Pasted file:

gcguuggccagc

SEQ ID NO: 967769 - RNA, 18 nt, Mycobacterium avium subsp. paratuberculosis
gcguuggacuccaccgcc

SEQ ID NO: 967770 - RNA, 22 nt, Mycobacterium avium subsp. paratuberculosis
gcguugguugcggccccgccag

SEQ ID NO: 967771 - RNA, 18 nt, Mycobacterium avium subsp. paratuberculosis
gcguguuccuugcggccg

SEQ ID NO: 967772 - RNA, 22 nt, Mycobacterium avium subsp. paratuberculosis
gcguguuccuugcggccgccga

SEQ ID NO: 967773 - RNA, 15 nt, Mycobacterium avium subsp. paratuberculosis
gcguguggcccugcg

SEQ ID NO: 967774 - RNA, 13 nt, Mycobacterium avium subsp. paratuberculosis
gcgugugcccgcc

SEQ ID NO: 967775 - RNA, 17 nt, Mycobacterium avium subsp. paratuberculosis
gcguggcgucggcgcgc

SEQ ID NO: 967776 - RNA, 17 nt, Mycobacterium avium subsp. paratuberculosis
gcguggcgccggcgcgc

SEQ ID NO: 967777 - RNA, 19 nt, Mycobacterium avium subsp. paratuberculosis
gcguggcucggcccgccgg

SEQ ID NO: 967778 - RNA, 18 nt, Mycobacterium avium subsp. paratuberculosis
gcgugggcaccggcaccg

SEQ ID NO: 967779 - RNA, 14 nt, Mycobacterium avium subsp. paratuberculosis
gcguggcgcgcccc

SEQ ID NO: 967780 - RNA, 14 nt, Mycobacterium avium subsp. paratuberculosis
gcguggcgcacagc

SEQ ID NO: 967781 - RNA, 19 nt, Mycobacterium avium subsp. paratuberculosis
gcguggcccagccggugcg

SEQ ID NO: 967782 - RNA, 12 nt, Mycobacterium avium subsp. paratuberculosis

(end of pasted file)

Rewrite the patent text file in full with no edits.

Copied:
gcguuggccagc

SEQ ID NO: 967769 - RNA, 18 nt, Mycobacterium avium subsp. paratuberculosis
gcguuggacuccaccgcc

SEQ ID NO: 967770 - RNA, 22 nt, Mycobacterium avium subsp. paratuberculosis
gcguugguugcggccccgccag

SEQ ID NO: 967771 - RNA, 18 nt, Mycobacterium avium subsp. paratuberculosis
gcguguuccuugcggccg

SEQ ID NO: 967772 - RNA, 22 nt, Mycobacterium avium subsp. paratuberculosis
gcguguuccuugcggccgccga

SEQ ID NO: 967773 - RNA, 15 nt, Mycobacterium avium subsp. paratuberculosis
gcguguggcccugcg

SEQ ID NO: 967774 - RNA, 13 nt, Mycobacterium avium subsp. paratuberculosis
gcgugugcccgcc

SEQ ID NO: 967775 - RNA, 17 nt, Mycobacterium avium subsp. paratuberculosis
gcguggcgucggcgcgc

SEQ ID NO: 967776 - RNA, 17 nt, Mycobacterium avium subsp. paratuberculosis
gcguggcgccggcgcgc

SEQ ID NO: 967777 - RNA, 19 nt, Mycobacterium avium subsp. paratuberculosis
gcguggcucggcccgccgg

SEQ ID NO: 967778 - RNA, 18 nt, Mycobacterium avium subsp. paratuberculosis
gcgugggcaccggcaccg

SEQ ID NO: 967779 - RNA, 14 nt, Mycobacterium avium subsp. paratuberculosis
gcguggcgcgcccc

SEQ ID NO: 967780 - RNA, 14 nt, Mycobacterium avium subsp. paratuberculosis
gcguggcgcacagc

SEQ ID NO: 967781 - RNA, 19 nt, Mycobacterium avium subsp. paratuberculosis
gcguggcccagccggugcg

SEQ ID NO: 967782 - RNA, 12 nt, Mycobacterium avium subsp. paratuberculosis